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'Paperless' trend not without its own environmental impact
Google and a number of other online businesses are pushing a "Paperless 2013" initiative to encourage less use of paper, and they do make some good points.
Despite decades of efforts by computer and software companies to move fingers away from the "print" button, the average office worker still uses 10,000 sheets of copy paper each year, according to the EPA.
Too much of that paper winds up in the landfill, and we certainly do encourage recycling as much paper as possible, especially newsprint. In 2010, 334 pounds of paper was recovered for each person living in the United States, and anything that will increase the percentage recovered, both nationally and locally, is probably a good idea.
The online companies have a vested interest, of course, promoting services that take the place of paper, such as paperless faxing, online storage and scanning products.
But it's not so simple, representatives of a printing trade group point out in a letter to the president of Google, saying the Internet giant is ignoring its own impact on the environment.
A letter from Martyn Eustace, director of Two Sides U.K., and Phil Riebel, president of Two Sides, U.S., made the following points:
* Google uses 2.3 billion kilowatt-hours of electricity a year, enough to power 207,000 U.S. homes for a year, or about 41 Empire State buildings. Data centers use about 2 percent of all U.S. electricity each year. One hundred Google searches is equivalent to burning a 60-watt light bulb for 20 minutes, producing 20 grams of carbon dioxide, a little more than produced by watching a YouTube video for 100 minutes.
* When the computers used for those purposes are obsolete -- say in about 6 months -- what happened to them? Greenpeace says E-waste is now the fastest growing component in the municipal solid waste stream, and in Europe, e-waste is increasing at 3 to 5 percent a year, almost three times the total waste stream.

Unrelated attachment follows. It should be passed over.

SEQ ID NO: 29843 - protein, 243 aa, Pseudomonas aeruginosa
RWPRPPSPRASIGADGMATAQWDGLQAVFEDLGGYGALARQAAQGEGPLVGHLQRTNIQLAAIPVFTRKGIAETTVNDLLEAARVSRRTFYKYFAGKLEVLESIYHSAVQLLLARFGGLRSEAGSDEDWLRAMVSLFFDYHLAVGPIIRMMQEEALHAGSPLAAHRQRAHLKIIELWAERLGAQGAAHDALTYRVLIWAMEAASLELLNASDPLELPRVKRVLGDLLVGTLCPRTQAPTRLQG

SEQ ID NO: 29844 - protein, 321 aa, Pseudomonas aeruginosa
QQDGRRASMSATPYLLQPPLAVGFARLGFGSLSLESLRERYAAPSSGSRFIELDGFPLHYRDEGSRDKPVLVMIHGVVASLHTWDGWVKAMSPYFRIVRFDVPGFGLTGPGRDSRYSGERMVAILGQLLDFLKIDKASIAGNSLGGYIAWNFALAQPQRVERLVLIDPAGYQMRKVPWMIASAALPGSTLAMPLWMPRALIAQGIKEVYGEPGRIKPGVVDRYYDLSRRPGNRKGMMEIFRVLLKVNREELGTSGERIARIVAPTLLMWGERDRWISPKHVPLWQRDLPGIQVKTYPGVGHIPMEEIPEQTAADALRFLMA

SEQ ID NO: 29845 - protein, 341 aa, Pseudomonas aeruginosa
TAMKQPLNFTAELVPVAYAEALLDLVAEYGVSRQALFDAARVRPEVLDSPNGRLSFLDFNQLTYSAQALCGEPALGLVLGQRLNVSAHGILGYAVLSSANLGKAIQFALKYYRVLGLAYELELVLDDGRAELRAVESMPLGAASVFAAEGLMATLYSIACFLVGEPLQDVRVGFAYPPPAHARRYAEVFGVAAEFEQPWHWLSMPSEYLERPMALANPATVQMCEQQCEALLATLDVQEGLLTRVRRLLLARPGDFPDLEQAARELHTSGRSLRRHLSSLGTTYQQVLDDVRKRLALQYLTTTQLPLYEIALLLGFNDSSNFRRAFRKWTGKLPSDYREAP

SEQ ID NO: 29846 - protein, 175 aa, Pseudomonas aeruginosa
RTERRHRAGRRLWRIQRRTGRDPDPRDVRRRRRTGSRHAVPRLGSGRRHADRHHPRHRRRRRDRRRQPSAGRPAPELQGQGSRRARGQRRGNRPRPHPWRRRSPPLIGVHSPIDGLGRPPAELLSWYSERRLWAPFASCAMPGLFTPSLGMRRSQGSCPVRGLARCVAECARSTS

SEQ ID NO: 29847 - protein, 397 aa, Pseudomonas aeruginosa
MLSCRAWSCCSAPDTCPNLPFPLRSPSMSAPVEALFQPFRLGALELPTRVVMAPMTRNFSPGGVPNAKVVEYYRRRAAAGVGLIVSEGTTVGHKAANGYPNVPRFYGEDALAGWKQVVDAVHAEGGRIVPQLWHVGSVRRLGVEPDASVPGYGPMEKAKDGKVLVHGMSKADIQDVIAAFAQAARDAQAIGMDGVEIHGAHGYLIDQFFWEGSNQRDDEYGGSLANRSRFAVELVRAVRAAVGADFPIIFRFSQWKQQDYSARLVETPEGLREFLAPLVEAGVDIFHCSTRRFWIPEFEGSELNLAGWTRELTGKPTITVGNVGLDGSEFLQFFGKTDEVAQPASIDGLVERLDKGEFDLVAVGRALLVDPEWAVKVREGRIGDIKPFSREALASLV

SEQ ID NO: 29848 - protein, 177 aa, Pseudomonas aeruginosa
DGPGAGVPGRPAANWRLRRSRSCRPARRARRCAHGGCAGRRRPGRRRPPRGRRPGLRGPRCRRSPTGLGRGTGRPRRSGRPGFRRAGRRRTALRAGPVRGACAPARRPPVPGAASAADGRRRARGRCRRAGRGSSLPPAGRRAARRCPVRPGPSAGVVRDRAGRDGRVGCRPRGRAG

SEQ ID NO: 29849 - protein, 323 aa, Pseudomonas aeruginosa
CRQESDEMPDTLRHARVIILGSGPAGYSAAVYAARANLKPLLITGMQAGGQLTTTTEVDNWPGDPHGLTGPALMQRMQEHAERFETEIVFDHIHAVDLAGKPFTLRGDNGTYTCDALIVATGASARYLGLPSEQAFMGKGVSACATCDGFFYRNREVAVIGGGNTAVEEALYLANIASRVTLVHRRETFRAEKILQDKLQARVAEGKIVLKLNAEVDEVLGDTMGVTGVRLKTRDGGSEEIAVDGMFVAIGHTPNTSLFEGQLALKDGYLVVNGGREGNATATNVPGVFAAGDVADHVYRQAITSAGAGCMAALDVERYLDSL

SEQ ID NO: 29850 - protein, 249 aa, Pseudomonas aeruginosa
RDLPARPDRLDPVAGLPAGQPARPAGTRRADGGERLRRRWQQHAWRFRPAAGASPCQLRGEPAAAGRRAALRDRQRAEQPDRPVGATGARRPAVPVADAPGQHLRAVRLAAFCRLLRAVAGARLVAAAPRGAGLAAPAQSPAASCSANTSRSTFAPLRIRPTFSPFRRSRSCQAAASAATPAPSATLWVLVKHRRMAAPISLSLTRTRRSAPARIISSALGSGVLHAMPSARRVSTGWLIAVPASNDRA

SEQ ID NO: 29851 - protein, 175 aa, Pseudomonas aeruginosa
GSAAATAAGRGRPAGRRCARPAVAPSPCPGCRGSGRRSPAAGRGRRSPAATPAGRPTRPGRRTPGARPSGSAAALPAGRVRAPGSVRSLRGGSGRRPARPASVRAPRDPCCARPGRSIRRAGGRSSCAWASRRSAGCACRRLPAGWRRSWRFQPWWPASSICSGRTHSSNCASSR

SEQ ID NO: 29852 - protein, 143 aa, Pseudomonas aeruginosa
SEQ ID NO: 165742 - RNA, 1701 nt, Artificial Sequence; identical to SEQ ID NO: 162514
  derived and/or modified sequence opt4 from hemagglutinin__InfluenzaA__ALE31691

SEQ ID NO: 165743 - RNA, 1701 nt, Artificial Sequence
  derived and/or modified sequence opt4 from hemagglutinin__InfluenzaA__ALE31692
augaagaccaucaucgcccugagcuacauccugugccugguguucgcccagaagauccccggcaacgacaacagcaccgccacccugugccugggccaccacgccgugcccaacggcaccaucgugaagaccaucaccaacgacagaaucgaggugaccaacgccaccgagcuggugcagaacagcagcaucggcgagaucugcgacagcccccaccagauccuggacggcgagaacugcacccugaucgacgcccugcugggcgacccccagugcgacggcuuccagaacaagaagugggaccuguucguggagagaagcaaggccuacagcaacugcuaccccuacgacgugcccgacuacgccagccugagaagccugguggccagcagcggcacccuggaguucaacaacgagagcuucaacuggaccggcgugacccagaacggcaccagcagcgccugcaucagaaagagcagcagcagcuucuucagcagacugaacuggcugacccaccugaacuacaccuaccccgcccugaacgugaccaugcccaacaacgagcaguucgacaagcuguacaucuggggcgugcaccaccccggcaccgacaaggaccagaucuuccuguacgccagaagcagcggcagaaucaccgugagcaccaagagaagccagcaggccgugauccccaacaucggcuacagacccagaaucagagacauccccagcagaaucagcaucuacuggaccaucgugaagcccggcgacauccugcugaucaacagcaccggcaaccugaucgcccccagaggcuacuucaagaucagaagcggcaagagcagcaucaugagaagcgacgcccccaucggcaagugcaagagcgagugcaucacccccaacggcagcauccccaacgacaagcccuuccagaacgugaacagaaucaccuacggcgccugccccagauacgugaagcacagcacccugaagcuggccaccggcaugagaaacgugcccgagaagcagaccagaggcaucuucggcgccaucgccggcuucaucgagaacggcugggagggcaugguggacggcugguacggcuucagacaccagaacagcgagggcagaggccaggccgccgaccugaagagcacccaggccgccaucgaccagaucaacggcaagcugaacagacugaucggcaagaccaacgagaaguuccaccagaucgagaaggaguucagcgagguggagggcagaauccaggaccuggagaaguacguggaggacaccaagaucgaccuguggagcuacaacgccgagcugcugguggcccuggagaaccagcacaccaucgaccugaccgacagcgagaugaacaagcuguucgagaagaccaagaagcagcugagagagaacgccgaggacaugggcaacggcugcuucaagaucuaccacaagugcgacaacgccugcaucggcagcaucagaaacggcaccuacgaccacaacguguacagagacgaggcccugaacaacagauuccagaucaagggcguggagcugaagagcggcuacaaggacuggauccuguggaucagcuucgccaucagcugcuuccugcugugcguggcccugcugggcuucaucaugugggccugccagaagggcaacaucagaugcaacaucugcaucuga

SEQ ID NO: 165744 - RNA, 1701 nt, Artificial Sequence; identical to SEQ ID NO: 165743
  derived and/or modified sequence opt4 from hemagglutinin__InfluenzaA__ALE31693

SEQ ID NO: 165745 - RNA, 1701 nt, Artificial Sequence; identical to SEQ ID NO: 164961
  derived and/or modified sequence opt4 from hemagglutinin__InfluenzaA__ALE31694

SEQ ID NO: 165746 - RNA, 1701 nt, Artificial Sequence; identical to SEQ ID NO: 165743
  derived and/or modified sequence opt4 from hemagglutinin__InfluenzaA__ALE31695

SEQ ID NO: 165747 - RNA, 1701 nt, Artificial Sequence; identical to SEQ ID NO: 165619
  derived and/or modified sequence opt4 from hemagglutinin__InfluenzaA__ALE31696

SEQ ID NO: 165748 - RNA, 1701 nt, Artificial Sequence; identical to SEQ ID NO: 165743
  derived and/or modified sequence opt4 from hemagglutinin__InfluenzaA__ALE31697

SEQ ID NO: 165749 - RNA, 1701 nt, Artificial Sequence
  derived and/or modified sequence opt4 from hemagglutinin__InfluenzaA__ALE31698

* Studies have reached the conclusion that document reading, if intended to be done more than once or by several people, may be more environmentally friendly if printed.
And, the printing industry points, out, more trees are grown than are harvested and the volume of trees growing on U.S. forest land has remained essentially the same for the last 100 years, at about 750 million acres, even though the U.S. population has tripled over the same period. In Europe, there is 30 percent more forest cover now than there was in 1950, and it is growing at the rate of 1.5 million soccer fields each year.
And, they note, paper is made from wood, a sustainable and renewable product that can help reduce reliance on fossil fuels. Most of the energy it takes to produce paper is renewable, they note, and more than 65 percent of the energy used to make pulp and paper in the United States originates from renewable biomass.
"So, before encouraging people to go paperless, and particularly inferring that electronic services are better for the environment, Google and others need to examine their own impacts and perhaps might reflect that, on balance, print and paper can be a sustainable way to communicate," the letter continued.
"In reality, we live in an increasingly digital world and electronic and paper-based communication coexist. Each has environmental impacts and it would be helpful, and more honest with consumers, if organizations would not try to differentiate their products and services on the basis of spurious and unattributed environmental claims."